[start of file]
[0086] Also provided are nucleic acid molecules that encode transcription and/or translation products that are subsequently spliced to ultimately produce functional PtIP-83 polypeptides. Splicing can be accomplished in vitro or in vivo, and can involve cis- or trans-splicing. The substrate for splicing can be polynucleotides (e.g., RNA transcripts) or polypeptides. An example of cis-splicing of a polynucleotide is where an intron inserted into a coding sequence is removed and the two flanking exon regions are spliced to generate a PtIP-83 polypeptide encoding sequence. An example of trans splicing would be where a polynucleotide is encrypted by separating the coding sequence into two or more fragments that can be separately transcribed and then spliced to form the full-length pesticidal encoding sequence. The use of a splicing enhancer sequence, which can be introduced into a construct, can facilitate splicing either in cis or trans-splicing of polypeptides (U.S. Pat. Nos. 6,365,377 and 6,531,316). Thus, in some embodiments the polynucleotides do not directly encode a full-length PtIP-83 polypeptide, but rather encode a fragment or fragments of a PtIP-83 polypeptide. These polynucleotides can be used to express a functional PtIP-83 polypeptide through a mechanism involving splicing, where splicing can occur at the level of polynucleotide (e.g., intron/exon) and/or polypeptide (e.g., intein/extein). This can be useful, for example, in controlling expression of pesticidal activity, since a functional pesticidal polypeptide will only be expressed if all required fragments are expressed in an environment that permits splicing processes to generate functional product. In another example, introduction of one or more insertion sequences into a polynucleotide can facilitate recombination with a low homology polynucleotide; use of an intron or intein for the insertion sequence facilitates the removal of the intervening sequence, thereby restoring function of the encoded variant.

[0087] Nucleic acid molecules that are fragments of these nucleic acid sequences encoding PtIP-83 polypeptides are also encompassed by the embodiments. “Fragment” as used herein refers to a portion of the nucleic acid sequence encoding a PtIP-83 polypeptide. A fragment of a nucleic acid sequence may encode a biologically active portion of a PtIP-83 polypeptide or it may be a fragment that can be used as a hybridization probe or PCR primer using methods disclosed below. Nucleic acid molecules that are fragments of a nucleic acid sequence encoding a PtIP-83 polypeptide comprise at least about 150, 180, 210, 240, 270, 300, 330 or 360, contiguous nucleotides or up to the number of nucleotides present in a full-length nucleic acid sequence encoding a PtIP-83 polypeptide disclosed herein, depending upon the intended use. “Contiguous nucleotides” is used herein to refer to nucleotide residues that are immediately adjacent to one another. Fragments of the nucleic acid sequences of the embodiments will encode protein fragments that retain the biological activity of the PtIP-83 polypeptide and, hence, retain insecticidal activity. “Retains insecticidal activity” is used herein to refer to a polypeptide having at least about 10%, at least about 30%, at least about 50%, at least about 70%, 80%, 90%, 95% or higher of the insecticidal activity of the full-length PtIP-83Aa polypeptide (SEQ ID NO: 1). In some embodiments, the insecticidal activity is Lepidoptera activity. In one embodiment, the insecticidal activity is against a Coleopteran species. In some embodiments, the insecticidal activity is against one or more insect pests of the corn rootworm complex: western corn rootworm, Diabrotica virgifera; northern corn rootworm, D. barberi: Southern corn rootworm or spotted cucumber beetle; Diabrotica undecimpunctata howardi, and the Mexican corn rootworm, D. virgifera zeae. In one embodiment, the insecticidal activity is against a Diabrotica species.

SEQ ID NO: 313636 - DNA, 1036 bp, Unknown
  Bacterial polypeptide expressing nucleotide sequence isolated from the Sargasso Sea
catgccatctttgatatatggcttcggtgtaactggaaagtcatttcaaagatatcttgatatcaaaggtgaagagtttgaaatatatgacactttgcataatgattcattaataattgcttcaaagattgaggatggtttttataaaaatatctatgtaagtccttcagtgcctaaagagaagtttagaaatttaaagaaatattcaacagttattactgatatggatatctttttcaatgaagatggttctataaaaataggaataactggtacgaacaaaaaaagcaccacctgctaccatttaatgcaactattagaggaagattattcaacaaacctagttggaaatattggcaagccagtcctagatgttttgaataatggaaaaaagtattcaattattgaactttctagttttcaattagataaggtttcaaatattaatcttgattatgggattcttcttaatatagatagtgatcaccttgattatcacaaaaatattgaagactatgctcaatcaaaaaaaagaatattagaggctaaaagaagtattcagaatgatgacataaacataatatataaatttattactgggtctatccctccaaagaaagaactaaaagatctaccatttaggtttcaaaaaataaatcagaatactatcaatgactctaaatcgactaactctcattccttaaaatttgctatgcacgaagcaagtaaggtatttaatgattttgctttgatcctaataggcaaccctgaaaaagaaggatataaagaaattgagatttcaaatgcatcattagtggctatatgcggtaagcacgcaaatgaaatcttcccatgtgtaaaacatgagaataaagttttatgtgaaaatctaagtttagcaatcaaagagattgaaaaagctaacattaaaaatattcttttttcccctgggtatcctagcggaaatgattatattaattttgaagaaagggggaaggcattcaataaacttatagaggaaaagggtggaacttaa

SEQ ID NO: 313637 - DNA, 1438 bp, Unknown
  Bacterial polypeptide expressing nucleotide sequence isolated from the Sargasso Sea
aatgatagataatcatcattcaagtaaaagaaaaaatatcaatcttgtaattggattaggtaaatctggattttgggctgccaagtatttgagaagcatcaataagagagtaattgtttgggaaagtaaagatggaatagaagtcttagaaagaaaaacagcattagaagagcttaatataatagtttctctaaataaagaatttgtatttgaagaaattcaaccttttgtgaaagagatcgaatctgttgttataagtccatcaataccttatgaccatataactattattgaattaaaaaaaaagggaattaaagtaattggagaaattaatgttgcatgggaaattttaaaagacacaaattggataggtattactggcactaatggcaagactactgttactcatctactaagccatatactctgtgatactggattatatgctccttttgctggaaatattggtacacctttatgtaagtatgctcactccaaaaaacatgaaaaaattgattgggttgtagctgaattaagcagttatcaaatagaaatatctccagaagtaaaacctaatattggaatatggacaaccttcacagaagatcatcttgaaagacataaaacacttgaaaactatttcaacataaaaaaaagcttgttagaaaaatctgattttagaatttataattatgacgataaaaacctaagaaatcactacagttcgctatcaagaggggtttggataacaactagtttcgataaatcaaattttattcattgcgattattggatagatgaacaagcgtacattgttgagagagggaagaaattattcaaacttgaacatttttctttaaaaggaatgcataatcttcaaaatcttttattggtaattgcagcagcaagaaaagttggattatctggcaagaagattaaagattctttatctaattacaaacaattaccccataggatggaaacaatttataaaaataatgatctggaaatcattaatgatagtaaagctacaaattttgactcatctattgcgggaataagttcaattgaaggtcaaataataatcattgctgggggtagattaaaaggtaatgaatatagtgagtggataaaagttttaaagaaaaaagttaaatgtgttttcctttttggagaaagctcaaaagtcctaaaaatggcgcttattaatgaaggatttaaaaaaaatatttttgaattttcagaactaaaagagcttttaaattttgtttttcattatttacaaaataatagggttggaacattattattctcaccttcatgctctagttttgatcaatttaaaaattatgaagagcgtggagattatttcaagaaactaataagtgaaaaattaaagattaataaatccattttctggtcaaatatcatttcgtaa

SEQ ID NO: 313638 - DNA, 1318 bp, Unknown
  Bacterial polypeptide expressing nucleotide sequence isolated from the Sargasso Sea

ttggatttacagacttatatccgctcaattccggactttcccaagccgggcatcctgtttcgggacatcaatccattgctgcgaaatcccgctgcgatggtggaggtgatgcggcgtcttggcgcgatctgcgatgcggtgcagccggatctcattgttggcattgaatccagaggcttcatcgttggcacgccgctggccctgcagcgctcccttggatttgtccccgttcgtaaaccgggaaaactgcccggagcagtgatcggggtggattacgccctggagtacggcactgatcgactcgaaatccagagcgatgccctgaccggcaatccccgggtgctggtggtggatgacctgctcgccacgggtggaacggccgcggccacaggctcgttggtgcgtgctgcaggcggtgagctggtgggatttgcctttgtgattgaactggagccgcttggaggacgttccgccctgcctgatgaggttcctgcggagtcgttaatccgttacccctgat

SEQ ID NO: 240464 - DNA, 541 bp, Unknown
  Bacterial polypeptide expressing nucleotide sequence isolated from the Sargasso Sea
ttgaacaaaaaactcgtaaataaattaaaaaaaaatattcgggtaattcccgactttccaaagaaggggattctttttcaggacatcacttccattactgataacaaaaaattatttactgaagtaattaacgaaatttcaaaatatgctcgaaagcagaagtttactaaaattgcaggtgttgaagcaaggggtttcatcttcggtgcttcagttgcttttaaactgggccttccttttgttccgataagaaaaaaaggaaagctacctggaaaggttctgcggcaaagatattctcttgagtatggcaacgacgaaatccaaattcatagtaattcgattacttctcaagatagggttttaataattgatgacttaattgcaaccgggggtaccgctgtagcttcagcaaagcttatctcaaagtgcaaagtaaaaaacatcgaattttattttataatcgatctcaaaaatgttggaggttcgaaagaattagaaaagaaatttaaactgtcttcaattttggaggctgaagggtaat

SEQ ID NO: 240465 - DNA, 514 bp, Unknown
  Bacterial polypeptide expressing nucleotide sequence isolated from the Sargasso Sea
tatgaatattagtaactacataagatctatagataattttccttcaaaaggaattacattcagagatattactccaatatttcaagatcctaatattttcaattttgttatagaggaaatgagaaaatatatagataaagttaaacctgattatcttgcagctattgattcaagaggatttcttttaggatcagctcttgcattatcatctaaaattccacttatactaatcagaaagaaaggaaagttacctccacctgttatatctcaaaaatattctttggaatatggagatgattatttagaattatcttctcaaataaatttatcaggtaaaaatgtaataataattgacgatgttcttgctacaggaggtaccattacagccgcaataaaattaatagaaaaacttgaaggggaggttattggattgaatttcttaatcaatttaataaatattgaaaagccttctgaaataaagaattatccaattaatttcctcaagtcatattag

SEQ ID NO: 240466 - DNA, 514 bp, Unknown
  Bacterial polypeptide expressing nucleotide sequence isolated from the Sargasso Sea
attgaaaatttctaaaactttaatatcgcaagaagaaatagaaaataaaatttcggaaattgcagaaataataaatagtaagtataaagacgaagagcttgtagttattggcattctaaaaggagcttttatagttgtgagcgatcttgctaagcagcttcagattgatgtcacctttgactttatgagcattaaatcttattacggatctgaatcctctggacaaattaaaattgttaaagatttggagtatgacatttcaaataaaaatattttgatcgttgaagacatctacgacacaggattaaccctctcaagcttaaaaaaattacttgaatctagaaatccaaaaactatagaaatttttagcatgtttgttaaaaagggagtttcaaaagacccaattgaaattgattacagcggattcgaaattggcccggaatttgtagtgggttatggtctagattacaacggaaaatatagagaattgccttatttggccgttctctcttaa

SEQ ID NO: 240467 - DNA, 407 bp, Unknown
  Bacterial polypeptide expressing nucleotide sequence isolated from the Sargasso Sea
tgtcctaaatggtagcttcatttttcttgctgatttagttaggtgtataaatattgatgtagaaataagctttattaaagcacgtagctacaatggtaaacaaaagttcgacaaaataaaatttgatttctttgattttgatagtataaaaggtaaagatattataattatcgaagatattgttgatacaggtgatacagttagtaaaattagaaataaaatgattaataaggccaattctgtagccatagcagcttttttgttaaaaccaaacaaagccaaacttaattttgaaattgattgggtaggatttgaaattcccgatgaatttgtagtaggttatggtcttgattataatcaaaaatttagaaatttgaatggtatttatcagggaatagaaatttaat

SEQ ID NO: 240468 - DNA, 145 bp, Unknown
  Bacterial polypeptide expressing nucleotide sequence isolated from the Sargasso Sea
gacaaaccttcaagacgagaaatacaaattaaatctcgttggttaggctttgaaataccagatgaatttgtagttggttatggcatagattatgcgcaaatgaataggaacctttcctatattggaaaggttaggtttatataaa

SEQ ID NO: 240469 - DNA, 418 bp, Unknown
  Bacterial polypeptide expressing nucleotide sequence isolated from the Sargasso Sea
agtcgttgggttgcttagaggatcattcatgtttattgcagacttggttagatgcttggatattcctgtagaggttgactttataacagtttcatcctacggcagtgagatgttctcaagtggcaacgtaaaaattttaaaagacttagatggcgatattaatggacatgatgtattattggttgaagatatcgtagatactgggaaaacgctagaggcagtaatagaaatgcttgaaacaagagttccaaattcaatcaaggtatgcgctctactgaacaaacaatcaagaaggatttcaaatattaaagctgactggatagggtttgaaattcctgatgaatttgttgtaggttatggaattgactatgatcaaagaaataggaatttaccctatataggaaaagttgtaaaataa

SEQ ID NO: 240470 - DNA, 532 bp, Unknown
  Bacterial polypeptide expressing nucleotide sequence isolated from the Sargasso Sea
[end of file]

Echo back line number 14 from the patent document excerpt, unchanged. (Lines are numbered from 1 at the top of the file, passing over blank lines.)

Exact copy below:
ttgaacaaaaaactcgtaaataaattaaaaaaaaatattcgggtaattcccgactttccaaagaaggggattctttttcaggacatcacttccattactgataacaaaaaattatttactgaagtaattaacgaaatttcaaaatatgctcgaaagcagaagtttactaaaattgcaggtgttgaagcaaggggtttcatcttcggtgcttcagttgcttttaaactgggccttccttttgttccgataagaaaaaaaggaaagctacctggaaaggttctgcggcaaagatattctcttgagtatggcaacgacgaaatccaaattcatagtaattcgattacttctcaagatagggttttaataattgatgacttaattgcaaccgggggtaccgctgtagcttcagcaaagcttatctcaaagtgcaaagtaaaaaacatcgaattttattttataatcgatctcaaaaatgttggaggttcgaaagaattagaaaagaaatttaaactgtcttcaattttggaggctgaagggtaat